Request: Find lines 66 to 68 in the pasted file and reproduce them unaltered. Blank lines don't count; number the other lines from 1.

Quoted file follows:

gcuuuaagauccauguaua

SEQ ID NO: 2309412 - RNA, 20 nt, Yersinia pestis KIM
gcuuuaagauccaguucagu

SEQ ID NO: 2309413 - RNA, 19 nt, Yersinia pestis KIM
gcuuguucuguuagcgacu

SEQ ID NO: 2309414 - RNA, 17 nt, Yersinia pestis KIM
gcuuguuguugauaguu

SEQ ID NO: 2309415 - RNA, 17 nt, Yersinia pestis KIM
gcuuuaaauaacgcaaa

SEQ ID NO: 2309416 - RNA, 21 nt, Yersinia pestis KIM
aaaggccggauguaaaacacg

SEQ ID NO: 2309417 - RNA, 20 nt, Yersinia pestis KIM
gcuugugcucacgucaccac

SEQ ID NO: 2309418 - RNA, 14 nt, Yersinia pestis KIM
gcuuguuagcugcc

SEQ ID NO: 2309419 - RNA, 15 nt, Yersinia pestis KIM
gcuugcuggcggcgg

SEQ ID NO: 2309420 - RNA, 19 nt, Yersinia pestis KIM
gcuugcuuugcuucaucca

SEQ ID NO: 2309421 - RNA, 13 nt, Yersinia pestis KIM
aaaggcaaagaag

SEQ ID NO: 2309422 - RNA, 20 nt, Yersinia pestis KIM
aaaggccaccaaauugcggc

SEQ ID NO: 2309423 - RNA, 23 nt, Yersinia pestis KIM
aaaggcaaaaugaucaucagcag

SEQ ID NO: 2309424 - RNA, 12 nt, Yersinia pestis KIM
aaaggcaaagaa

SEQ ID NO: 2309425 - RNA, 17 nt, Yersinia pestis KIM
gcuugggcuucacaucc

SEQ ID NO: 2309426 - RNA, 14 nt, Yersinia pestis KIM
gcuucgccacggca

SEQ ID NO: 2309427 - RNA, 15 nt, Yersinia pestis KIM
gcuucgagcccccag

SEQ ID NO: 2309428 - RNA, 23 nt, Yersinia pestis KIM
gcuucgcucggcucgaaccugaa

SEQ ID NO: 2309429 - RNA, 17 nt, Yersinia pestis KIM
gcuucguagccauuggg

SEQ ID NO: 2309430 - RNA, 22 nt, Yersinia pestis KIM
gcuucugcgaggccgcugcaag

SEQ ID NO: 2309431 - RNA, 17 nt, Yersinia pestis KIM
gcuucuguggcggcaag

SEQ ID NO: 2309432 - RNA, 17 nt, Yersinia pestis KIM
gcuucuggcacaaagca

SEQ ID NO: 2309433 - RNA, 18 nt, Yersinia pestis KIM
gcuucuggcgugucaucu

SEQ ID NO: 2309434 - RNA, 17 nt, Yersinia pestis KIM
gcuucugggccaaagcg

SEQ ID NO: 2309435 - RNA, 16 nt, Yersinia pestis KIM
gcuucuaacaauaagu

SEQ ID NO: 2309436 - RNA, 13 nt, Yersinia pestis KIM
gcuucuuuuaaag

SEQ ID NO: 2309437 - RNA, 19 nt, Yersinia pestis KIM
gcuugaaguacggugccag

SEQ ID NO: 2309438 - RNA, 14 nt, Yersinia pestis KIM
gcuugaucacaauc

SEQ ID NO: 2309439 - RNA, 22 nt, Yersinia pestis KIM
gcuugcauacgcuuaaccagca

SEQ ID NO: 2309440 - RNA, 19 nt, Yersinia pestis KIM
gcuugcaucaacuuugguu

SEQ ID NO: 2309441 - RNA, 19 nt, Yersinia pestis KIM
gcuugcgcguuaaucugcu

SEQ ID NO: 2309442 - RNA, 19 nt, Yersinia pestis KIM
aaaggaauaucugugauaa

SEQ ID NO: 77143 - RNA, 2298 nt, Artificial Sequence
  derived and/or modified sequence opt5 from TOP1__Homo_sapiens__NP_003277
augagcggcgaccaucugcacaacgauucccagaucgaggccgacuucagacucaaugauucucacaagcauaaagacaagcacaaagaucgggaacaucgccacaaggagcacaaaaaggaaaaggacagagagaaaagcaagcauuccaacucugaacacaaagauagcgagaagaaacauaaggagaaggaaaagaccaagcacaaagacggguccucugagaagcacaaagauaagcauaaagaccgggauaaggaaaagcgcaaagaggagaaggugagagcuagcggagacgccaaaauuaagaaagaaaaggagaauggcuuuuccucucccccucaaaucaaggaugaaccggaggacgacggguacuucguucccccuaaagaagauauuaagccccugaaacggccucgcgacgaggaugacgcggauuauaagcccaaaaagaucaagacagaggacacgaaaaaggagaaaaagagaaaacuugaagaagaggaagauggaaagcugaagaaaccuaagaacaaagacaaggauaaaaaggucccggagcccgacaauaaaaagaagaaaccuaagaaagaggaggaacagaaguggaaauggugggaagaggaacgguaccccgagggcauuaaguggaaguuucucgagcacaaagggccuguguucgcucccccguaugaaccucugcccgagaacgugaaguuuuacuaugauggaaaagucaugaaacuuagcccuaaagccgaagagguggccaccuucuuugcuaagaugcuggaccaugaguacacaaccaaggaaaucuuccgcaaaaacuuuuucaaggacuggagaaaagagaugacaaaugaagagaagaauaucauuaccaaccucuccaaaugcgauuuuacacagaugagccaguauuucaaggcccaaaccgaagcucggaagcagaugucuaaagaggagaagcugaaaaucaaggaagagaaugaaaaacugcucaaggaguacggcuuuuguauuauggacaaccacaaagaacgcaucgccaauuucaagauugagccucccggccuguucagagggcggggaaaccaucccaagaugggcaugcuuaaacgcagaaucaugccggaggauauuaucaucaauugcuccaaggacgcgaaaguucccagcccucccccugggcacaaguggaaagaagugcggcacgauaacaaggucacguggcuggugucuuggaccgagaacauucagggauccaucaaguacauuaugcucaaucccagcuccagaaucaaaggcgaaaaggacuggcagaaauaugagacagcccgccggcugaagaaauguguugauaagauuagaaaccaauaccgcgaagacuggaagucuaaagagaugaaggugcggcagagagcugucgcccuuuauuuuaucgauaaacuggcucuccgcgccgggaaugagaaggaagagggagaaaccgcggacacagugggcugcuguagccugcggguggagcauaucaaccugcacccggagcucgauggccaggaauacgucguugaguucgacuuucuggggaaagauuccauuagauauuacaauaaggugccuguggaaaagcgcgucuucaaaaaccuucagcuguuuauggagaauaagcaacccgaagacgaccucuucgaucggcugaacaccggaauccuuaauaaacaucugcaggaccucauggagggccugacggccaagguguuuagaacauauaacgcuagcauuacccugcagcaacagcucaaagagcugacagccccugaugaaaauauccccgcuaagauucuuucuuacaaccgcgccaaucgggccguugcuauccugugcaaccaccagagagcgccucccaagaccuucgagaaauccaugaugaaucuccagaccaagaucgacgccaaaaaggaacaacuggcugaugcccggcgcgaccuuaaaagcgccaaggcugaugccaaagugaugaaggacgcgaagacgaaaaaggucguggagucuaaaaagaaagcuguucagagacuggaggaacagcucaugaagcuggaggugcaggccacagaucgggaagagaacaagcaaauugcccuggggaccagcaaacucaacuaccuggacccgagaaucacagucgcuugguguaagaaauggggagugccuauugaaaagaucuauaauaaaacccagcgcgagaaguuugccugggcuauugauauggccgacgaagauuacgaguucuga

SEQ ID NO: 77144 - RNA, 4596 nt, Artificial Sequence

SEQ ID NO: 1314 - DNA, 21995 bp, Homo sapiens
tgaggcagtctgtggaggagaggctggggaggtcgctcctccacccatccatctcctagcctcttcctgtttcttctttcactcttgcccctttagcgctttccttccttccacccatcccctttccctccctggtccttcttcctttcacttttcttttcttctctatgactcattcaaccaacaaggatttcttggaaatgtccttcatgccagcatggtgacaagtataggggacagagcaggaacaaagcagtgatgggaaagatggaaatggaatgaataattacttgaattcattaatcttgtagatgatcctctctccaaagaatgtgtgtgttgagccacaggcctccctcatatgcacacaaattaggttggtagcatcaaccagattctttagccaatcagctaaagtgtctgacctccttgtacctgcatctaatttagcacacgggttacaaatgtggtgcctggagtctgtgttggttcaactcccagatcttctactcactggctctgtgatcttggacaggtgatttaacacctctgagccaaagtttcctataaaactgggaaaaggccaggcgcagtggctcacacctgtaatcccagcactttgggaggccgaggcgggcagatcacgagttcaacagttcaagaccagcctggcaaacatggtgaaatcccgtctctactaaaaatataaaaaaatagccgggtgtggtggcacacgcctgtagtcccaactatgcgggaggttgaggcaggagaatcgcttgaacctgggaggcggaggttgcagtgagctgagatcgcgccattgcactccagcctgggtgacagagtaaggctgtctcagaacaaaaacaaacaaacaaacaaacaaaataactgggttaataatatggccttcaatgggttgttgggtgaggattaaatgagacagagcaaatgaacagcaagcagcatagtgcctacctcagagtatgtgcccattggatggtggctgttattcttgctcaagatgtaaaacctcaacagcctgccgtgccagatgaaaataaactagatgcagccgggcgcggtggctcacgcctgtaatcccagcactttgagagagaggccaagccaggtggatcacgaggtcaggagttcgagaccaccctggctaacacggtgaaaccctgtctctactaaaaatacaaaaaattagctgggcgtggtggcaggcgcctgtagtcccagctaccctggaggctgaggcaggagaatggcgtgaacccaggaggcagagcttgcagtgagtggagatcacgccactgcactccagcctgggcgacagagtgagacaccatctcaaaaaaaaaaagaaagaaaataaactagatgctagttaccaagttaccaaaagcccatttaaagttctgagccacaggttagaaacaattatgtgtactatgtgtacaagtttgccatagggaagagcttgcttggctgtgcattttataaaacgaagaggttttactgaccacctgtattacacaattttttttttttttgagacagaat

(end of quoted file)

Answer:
augagcggcgaccaucugcacaacgauucccagaucgaggccgacuucagacucaaugauucucacaagcauaaagacaagcacaaagaucgggaacaucgccacaaggagcacaaaaaggaaaaggacagagagaaaagcaagcauuccaacucugaacacaaagauagcgagaagaaacauaaggagaaggaaaagaccaagcacaaagacggguccucugagaagcacaaagauaagcauaaagaccgggauaaggaaaagcgcaaagaggagaaggugagagcuagcggagacgccaaaauuaagaaagaaaaggagaauggcuuuuccucucccccucaaaucaaggaugaaccggaggacgacggguacuucguucccccuaaagaagauauuaagccccugaaacggccucgcgacgaggaugacgcggauuauaagcccaaaaagaucaagacagaggacacgaaaaaggagaaaaagagaaaacuugaagaagaggaagauggaaagcugaagaaaccuaagaacaaagacaaggauaaaaaggucccggagcccgacaauaaaaagaagaaaccuaagaaagaggaggaacagaaguggaaauggugggaagaggaacgguaccccgagggcauuaaguggaaguuucucgagcacaaagggccuguguucgcucccccguaugaaccucugcccgagaacgugaaguuuuacuaugauggaaaagucaugaaacuuagcccuaaagccgaagagguggccaccuucuuugcuaagaugcuggaccaugaguacacaaccaaggaaaucuuccgcaaaaacuuuuucaaggacuggagaaaagagaugacaaaugaagagaagaauaucauuaccaaccucuccaaaugcgauuuuacacagaugagccaguauuucaaggcccaaaccgaagcucggaagcagaugucuaaagaggagaagcugaaaaucaaggaagagaaugaaaaacugcucaaggaguacggcuuuuguauuauggacaaccacaaagaacgcaucgccaauuucaagauugagccucccggccuguucagagggcggggaaaccaucccaagaugggcaugcuuaaacgcagaaucaugccggaggauauuaucaucaauugcuccaaggacgcgaaaguucccagcccucccccugggcacaaguggaaagaagugcggcacgauaacaaggucacguggcuggugucuuggaccgagaacauucagggauccaucaaguacauuaugcucaaucccagcuccagaaucaaaggcgaaaaggacuggcagaaauaugagacagcccgccggcugaagaaauguguugauaagauuagaaaccaauaccgcgaagacuggaagucuaaagagaugaaggugcggcagagagcugucgcccuuuauuuuaucgauaaacuggcucuccgcgccgggaaugagaaggaagagggagaaaccgcggacacagugggcugcuguagccugcggguggagcauaucaaccugcacccggagcucgauggccaggaauacgucguugaguucgacuuucuggggaaagauuccauuagauauuacaauaaggugccuguggaaaagcgcgucuucaaaaaccuucagcuguuuauggagaauaagcaacccgaagacgaccucuucgaucggcugaacaccggaauccuuaauaaacaucugcaggaccucauggagggccugacggccaagguguuuagaacauauaacgcuagcauuacccugcagcaacagcucaaagagcugacagccccugaugaaaauauccccgcuaagauucuuucuuacaaccgcgccaaucgggccguugcuauccugugcaaccaccagagagcgccucccaagaccuucgagaaauccaugaugaaucuccagaccaagaucgacgccaaaaaggaacaacuggcugaugcccggcgcgaccuuaaaagcgccaaggcugaugccaaagugaugaaggacgcgaagacgaaaaaggucguggagucuaaaaagaaagcuguucagagacuggaggaacagcucaugaagcuggaggugcaggccacagaucgggaagagaacaagcaaauugcccuggggaccagcaaacucaacuaccuggacccgagaaucacagucgcuugguguaagaaauggggagugccuauugaaaagaucuauaauaaaacccagcgcgagaaguuugccugggcuauugauauggccgacgaagauuacgaguucuga

SEQ ID NO: 77144 - RNA, 4596 nt, Artificial Sequence

SEQ ID NO: 1314 - DNA, 21995 bp, Homo sapiens